By Michelle Graff
This aerial shot provided by Alrosa shows the Mir mining site in eastern Siberia. As of Wednesday, eight miners remained trapped following a flood in the underground portion of the mine late last week.
Moscow--Eight miners at Alrosa’s Mir diamond mine are still missing following a flood at the mine Friday.

According to Alrosa, a “sharp deterioration in mining and geological conditions” caused an “uncontrolled in-rush of water” into Mir underground, trapping 151 miners.

The mining company immediately launched its emergency response plan and rescued 142 workers within hours of the accident. Another worker, Alisher Ismailovich Mirzaev, was brought to the surface Saturday.

As of Wednesday morning, eight miners remained underground: drill rig operators Alexey Vladimirovich Vlasenko, Dmitry Evgenievich Zhukov and Dmitry Mikhailovich Mariin; shift foreman Valentin Anatolievich Misnik; blaster Igor Anatolievich Stepanov; acting foreman Vitaly Vitalievich Kulikov; stope miner Gleb Alexandrovich Mirontsev; and drill rig operator Mikhail Yurievich Neustroev.

Unable to get to the trapped miners using the planned routes, Alrosa said Tuesday that seven rope technicians descended the slopes of the open-pit portion of Mirny to reach water-collecting wells, but added that the attempt to get in touch with the missing miners by tapping was unsuccessful.

More than 330 people and over 30 units of equipment are involved in the search, which continued as of Wednesday morning. The rope technicians will try to get in touch with the miners again today, according to the diamond miner.

Alrosa said its emergency warning and location determining system saved the lives of dozens of miners, including Mirzaev, the miner brought to the surface Saturday who was spotted at the underground level 410 due to his radio location mark.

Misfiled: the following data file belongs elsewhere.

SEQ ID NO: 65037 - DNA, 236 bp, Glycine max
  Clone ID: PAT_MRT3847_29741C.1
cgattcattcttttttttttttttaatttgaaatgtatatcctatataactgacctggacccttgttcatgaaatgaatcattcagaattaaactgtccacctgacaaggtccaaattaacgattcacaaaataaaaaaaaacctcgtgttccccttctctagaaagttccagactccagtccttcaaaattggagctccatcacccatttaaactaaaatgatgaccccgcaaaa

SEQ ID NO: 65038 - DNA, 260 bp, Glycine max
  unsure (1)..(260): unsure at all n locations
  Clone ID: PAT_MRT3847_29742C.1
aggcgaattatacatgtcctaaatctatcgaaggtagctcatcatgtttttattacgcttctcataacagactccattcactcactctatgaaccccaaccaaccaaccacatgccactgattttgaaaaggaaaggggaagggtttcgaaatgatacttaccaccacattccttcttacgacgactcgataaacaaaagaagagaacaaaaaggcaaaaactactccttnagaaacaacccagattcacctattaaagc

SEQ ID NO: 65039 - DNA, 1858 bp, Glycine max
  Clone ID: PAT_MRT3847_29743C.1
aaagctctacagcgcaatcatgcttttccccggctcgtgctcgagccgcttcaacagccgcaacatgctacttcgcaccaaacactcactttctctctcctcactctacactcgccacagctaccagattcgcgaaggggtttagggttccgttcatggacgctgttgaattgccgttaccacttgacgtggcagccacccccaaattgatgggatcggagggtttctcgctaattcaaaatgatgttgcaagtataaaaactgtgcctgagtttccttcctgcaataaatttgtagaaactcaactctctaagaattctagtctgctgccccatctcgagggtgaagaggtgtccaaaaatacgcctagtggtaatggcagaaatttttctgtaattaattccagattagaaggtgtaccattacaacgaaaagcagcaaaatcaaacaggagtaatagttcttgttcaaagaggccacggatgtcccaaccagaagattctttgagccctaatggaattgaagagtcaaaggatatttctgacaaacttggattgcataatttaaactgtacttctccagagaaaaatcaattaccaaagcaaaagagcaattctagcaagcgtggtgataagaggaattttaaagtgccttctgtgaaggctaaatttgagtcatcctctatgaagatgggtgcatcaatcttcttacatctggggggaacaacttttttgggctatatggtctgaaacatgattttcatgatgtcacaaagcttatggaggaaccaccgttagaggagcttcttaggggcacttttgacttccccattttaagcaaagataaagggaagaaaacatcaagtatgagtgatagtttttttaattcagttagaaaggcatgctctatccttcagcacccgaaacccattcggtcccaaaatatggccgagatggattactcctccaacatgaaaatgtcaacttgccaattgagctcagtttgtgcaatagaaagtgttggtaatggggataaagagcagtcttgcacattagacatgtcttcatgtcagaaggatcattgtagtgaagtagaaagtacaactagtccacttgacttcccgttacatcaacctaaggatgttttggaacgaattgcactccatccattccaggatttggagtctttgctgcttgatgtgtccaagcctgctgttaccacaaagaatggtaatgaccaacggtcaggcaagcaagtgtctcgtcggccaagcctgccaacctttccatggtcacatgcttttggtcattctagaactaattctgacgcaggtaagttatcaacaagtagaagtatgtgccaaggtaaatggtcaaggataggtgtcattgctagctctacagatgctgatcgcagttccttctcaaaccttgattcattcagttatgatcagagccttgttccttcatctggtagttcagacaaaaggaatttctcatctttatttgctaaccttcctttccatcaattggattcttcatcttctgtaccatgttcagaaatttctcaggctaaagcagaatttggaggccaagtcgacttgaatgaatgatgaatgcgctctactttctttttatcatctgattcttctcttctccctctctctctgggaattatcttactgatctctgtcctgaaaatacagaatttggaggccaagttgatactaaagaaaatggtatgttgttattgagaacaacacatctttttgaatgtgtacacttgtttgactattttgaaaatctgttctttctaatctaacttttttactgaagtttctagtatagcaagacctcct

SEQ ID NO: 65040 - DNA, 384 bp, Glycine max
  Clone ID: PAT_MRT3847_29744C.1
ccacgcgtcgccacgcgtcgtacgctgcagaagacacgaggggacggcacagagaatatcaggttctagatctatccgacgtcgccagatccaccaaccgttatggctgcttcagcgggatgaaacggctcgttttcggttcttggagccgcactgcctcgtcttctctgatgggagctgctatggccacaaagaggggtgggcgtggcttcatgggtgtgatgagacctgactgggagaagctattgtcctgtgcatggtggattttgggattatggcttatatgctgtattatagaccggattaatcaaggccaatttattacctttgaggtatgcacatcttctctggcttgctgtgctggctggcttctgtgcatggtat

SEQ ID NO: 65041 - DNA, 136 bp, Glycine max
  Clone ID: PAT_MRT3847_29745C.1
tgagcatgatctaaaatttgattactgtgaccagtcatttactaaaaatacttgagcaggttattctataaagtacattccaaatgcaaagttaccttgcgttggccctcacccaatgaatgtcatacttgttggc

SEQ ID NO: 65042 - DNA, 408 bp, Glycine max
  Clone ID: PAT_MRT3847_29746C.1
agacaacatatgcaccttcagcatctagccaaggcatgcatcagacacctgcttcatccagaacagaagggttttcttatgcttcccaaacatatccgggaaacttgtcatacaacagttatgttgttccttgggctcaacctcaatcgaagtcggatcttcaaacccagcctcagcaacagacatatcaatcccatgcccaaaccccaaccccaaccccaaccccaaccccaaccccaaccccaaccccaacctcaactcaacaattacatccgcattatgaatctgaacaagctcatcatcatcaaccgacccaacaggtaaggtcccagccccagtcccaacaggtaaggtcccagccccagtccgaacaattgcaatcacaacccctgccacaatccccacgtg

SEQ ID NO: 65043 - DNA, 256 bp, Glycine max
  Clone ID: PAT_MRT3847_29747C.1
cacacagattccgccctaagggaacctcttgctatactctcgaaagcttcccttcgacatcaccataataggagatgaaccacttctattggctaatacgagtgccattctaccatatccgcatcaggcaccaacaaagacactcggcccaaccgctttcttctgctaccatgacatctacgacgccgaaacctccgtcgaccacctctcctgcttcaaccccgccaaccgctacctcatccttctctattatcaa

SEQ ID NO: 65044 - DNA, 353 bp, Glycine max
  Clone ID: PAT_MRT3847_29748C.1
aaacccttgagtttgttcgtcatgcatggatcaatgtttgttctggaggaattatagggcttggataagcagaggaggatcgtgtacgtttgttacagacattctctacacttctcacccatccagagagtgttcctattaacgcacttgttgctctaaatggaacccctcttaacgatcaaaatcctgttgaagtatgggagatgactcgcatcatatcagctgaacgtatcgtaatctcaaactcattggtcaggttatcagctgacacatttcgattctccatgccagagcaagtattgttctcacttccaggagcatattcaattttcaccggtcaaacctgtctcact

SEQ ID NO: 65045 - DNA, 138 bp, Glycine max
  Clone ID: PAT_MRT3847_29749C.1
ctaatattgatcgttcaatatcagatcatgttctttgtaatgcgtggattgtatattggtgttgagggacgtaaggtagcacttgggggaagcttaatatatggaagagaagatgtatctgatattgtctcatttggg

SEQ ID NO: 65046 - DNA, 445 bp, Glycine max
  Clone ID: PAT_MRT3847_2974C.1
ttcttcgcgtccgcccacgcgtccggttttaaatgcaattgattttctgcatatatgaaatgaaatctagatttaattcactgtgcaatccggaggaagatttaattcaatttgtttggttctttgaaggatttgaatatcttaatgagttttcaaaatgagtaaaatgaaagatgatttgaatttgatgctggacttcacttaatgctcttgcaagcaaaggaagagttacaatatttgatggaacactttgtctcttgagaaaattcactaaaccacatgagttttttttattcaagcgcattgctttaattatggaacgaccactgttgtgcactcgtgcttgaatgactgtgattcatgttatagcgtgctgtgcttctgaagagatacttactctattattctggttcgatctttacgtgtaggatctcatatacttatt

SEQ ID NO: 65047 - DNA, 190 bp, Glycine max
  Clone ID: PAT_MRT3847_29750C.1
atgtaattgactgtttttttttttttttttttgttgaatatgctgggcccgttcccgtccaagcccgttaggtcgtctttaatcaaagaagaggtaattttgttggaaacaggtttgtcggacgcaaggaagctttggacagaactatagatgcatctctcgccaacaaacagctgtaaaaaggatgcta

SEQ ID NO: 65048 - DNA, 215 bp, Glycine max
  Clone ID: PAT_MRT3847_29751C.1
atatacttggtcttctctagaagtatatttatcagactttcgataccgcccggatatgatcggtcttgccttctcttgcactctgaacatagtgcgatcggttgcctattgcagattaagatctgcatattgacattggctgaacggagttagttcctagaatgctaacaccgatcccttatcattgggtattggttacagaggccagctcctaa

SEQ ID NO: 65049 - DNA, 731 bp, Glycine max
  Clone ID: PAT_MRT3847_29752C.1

The marks also have helped rescuers establish where they believe the eight still-missing miners were at the time of accident.

The Mir mine is under the umbrella of the Mirny mining and processing division, which is Alrosa’s oldest MPD.

Mir underground has been in operation since 2009 and is expected to produce 1 million tons of ore per year up to 2043.

Alrosa said the mine was operating in full compliance with all technical and safety requirements, and passed the Main State Expert Review board and repeated expert appraisals of industrial safety. It added that Mir underground has never had its operations suspended due to a pre-emergency or emergency situation.

The company has suspended Mikhail Lopatinsky, director of Mirny MPD, until it completes a post-accident inspection of the site.

In addition, Alrosa confirmed that the Investigative Committee of the Russian Federation has launched its own inquiry into the accident.

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